This collection consists of articles, papers, keynote and other major speeches, reviews, and responses, mostly related to music education, but some to arts education and arts business, in some cases with reference to emerging countries. A number of these items appeared in difficult-to-access publications such as foreign journals and foreign and domestic proceedings. A few are translations of English-language articles that appeared in foreign language journals, and a few others are in English with accompanying foreign language abstracts.
Review of "Benjamin Russel Hanby, Ohio Composer-Educator, 1833-1867: His Contributions to Early Music Education," by Jeanne Bilger Gross
This doctoral dissertation is a biography of a well-known historical music educator in Ohio.
Part of Cremin's well-known trilogy on the history of American education
Review of "The Band Business in the United States Between the Civil War and the Great Depression," by Christine Condaris
Doctoral Dissertation on the history of American bands during a formative period.
Review of "Hierarchy, History, and HumanNature: The Social Origins of Historical Consciousness," by Donald E. Brown
In this book the author, an anthropologist, traces the history of historiography through numerous past literature cultures. He tested and rejected several hypotheses, but retained on that historiography was strongest in societies in which leadership was not determined by hereditary--relatively speaking.
Compared to the relatively steady spread of vocal music instruction, instrumental music was slow to take its place in the school curriculum. Orchestras, based on community models, and bands, based on military band models, entered the schools in mass beginning in the first decades of the twentieth century. By the beginning of World War II, spurred on by instrument manufacturers, contests, and athletics, bands were found in most American high schools and orchestras were in many schools as well, mainly in larger cities.
The child-study movement was a late-nineteenth- and early twentieth-century educational fashion whose impetus came from the influences of Darwin's Origin of Species (1859) and from the advent of empirical psychology in the 1860s and 1870s. Child-study leaders sought to reform the public schools, calling for widespread and "scientific" observation and study of children. Music educators adopted some child-study principles, incorporating them in certain vocal music series and music appreciation textbooks. These books contained, for example, materials designed to correspond to the various stages of interest and maturity in children. Several nonmusician child-study researchers began to gather data relative to musical learning, while psychological literature on music perception proliferated. Music teachers, more interested in teaching methods, left research activities to future generations of music educators.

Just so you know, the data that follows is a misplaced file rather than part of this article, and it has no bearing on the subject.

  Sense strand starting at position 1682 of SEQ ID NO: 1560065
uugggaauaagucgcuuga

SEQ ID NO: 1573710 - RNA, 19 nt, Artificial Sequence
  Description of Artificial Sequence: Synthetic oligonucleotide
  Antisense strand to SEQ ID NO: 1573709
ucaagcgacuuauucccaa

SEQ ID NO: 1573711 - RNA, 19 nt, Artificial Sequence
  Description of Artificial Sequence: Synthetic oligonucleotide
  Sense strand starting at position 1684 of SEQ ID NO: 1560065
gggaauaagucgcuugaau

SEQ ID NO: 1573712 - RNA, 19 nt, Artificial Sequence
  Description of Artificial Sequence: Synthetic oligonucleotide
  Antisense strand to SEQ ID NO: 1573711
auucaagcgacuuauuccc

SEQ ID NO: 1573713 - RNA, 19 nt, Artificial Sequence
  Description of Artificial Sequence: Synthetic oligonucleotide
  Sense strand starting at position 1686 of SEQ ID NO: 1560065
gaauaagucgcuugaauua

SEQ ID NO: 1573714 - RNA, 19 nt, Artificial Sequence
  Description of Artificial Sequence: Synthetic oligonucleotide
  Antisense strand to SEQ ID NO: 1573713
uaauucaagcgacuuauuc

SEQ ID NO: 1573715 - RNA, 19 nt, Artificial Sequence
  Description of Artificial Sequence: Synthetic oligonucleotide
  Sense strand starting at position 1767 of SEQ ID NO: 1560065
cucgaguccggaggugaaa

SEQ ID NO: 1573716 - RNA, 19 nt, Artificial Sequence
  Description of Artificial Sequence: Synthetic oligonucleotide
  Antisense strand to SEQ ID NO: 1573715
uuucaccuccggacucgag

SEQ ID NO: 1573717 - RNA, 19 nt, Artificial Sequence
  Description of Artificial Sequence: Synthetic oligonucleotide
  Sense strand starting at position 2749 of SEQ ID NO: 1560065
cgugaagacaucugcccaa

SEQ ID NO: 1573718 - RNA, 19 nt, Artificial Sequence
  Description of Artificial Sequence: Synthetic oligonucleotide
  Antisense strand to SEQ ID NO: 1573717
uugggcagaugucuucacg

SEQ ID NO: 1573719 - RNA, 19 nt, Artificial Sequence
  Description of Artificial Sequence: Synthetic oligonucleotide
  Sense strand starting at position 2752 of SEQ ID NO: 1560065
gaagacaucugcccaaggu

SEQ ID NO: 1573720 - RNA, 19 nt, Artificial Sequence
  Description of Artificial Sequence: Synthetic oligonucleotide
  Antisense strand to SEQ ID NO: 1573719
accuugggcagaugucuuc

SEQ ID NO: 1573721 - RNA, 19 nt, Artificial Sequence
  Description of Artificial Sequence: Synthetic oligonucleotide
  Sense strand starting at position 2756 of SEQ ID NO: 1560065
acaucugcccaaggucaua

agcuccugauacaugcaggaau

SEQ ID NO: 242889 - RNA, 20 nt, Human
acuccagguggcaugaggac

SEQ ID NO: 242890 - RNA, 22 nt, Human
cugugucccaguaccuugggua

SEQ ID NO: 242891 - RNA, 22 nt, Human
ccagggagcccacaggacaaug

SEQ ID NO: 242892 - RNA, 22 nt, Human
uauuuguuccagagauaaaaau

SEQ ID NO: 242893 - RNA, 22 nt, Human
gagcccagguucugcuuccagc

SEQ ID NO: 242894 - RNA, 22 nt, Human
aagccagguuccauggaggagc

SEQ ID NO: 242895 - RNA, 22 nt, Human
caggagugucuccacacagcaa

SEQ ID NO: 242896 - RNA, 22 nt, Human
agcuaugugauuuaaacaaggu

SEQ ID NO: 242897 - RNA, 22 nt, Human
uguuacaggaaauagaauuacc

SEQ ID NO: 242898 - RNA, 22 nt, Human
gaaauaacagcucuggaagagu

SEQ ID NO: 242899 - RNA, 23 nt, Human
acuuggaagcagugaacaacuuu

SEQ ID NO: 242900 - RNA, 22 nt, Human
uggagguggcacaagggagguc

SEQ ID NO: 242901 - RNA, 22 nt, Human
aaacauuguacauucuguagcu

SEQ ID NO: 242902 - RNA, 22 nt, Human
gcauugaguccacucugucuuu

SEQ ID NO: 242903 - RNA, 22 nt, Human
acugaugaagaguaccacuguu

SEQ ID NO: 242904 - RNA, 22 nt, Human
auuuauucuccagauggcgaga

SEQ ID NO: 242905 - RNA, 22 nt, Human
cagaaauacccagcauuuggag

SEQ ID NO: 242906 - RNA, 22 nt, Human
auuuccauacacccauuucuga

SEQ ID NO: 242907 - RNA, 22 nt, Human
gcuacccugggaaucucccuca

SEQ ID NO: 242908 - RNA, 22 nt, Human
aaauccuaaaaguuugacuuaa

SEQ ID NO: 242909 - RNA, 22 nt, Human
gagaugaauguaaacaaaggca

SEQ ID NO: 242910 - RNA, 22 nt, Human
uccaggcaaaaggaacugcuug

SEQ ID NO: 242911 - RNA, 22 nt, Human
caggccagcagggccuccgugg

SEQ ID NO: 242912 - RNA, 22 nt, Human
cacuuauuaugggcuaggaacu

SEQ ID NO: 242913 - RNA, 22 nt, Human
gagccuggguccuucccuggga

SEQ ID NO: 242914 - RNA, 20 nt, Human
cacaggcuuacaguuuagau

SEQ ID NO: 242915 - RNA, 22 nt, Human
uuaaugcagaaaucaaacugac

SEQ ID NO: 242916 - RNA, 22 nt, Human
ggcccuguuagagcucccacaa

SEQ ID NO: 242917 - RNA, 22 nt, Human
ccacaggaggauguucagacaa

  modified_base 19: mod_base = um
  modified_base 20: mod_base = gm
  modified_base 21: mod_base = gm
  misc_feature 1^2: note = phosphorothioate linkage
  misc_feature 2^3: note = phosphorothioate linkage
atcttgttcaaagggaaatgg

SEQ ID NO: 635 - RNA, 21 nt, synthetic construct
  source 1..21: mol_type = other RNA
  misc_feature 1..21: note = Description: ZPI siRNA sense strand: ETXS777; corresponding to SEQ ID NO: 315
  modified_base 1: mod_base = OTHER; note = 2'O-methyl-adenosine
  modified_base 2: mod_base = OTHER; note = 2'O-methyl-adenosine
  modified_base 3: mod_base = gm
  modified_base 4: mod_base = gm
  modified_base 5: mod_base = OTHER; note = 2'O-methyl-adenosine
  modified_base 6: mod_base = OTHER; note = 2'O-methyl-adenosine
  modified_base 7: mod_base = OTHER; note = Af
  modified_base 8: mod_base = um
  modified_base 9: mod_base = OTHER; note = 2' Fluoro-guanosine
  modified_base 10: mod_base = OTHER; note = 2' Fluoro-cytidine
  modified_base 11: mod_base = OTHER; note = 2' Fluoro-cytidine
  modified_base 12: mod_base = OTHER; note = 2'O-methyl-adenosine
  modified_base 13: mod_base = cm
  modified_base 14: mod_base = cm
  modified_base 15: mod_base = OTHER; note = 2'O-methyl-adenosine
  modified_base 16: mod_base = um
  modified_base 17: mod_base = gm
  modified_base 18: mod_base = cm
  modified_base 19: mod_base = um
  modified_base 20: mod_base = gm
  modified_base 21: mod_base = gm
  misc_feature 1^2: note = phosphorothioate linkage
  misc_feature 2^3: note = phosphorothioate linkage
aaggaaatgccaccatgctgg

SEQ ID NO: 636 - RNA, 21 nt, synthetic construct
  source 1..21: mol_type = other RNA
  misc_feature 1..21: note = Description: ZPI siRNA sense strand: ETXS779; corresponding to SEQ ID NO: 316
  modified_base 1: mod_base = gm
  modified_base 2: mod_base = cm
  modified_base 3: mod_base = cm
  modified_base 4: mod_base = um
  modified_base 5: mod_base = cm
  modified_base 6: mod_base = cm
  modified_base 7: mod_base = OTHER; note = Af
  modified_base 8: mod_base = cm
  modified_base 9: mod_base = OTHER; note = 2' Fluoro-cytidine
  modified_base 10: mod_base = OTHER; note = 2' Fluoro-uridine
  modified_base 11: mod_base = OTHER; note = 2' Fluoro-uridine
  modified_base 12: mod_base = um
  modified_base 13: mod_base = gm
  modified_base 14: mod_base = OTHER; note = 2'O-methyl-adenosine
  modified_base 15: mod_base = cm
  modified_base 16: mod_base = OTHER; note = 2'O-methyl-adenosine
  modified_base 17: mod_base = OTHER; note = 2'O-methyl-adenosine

This book and a companion volume are intended to provide the field of music education with "a needed current repository of exemplary theoretical writing and experimental research reporting from the United States." This article was published by the University of Alabama Press in 1988.
Review of "Principles and Processes of Music Education: New Perspectives" by Malcolm Tait and Paul Haack
The authors present a fresh new approach to music education. This article was published by Columbia University Teachers College Press in 1984.
A review of a book written by U.K. scholar Peter Fletcher, published by Oxford University Press in 1987.
Patrick Gilmore was an Irish-American bandmaster who re-established the woodwinds in wind bands and developed one of the best professional bands in the world. He died the same year Sousa started his professional band, 1892, and his bands served as the prototype for Sousa's and countless other amateur and professional bands.